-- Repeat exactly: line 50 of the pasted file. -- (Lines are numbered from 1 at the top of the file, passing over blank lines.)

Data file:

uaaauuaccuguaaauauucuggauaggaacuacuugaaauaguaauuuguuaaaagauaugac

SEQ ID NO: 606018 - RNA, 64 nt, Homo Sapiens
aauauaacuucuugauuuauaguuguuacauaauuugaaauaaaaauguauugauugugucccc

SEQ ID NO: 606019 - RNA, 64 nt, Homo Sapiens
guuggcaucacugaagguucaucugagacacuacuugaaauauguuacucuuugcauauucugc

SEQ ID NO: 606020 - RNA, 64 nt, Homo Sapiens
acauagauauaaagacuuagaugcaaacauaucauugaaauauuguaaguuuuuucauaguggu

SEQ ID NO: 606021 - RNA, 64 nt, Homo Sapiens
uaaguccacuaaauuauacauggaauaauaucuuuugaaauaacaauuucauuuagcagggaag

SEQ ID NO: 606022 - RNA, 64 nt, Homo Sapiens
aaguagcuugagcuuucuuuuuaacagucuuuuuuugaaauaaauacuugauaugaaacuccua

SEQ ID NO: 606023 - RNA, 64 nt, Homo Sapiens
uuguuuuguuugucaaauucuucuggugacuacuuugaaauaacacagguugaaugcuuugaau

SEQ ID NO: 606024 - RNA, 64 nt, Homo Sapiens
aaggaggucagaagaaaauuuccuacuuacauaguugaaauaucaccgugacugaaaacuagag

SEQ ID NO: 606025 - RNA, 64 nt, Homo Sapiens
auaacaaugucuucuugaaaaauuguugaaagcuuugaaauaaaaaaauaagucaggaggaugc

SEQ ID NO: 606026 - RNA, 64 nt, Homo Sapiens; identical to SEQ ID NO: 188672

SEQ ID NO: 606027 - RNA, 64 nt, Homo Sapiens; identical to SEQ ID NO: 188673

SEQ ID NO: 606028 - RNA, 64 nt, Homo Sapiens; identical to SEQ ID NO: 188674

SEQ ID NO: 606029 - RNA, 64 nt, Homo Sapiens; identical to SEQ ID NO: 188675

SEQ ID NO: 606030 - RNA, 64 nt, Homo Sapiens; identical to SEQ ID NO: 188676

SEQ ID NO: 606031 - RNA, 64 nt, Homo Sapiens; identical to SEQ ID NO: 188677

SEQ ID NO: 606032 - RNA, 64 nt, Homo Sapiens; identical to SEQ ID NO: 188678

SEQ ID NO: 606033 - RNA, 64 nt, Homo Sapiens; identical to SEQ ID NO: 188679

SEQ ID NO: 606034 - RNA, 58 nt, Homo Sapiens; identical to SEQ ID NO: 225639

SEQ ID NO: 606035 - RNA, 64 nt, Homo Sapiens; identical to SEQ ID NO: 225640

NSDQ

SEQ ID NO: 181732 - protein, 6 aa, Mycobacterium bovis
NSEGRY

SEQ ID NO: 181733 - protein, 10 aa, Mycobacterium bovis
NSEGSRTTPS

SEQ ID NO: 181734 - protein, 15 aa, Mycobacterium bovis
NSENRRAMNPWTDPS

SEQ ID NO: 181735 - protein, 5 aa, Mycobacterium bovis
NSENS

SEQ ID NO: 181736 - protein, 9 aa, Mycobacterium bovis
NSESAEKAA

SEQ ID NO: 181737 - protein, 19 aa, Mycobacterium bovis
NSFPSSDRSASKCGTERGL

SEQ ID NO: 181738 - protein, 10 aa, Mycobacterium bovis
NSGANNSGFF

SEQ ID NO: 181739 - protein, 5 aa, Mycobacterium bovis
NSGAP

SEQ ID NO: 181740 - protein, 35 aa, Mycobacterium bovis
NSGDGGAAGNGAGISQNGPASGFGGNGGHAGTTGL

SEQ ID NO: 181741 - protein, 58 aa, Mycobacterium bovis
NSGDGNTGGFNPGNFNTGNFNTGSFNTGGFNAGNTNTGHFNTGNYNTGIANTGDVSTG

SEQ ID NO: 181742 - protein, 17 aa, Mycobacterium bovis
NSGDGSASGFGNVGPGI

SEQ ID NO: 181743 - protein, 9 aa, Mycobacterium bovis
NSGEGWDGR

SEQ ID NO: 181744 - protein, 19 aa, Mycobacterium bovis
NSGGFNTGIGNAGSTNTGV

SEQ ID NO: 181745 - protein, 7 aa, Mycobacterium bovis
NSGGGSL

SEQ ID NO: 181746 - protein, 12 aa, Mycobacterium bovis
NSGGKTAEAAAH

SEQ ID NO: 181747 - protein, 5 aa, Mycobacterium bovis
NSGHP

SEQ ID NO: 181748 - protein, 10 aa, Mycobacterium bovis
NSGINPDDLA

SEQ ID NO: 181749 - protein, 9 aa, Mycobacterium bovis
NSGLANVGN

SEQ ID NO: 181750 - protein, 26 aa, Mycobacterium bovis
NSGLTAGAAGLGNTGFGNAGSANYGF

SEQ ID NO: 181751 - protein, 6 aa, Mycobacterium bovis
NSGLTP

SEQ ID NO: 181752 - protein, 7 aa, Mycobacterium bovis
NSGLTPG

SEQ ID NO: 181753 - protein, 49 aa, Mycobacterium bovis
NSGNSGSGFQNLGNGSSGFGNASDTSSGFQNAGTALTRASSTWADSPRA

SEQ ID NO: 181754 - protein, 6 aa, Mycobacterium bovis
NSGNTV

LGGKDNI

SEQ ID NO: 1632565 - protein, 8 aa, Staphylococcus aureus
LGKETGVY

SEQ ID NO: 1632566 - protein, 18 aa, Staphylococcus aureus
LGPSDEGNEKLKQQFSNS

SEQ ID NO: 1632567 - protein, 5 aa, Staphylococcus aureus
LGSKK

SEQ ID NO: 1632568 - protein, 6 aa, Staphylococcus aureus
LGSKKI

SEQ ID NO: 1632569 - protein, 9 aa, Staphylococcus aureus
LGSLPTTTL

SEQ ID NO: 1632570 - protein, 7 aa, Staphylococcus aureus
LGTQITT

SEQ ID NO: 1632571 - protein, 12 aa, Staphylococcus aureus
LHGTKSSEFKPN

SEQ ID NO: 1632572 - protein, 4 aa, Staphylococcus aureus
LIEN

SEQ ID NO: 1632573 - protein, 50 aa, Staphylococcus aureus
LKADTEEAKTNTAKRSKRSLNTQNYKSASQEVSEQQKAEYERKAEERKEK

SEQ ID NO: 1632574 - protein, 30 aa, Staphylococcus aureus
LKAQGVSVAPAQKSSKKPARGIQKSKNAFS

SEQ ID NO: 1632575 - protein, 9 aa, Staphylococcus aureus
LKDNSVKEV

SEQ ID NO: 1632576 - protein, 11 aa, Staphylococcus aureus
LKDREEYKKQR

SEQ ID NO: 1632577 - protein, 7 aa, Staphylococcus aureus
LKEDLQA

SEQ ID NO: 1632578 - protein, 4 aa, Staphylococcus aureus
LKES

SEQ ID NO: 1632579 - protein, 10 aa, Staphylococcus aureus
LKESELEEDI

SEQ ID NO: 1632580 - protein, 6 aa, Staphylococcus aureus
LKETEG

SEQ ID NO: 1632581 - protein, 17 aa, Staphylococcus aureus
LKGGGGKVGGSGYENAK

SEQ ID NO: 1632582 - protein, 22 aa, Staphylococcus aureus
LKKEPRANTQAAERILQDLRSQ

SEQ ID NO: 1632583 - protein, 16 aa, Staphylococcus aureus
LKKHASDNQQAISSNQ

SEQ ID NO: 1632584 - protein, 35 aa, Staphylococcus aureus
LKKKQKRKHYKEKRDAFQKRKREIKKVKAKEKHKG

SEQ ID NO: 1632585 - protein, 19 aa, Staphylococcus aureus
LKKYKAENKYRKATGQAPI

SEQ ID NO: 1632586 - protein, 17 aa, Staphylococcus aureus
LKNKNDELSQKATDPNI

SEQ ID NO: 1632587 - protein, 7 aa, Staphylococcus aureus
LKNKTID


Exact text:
NSGDGSASGFGNVGPGI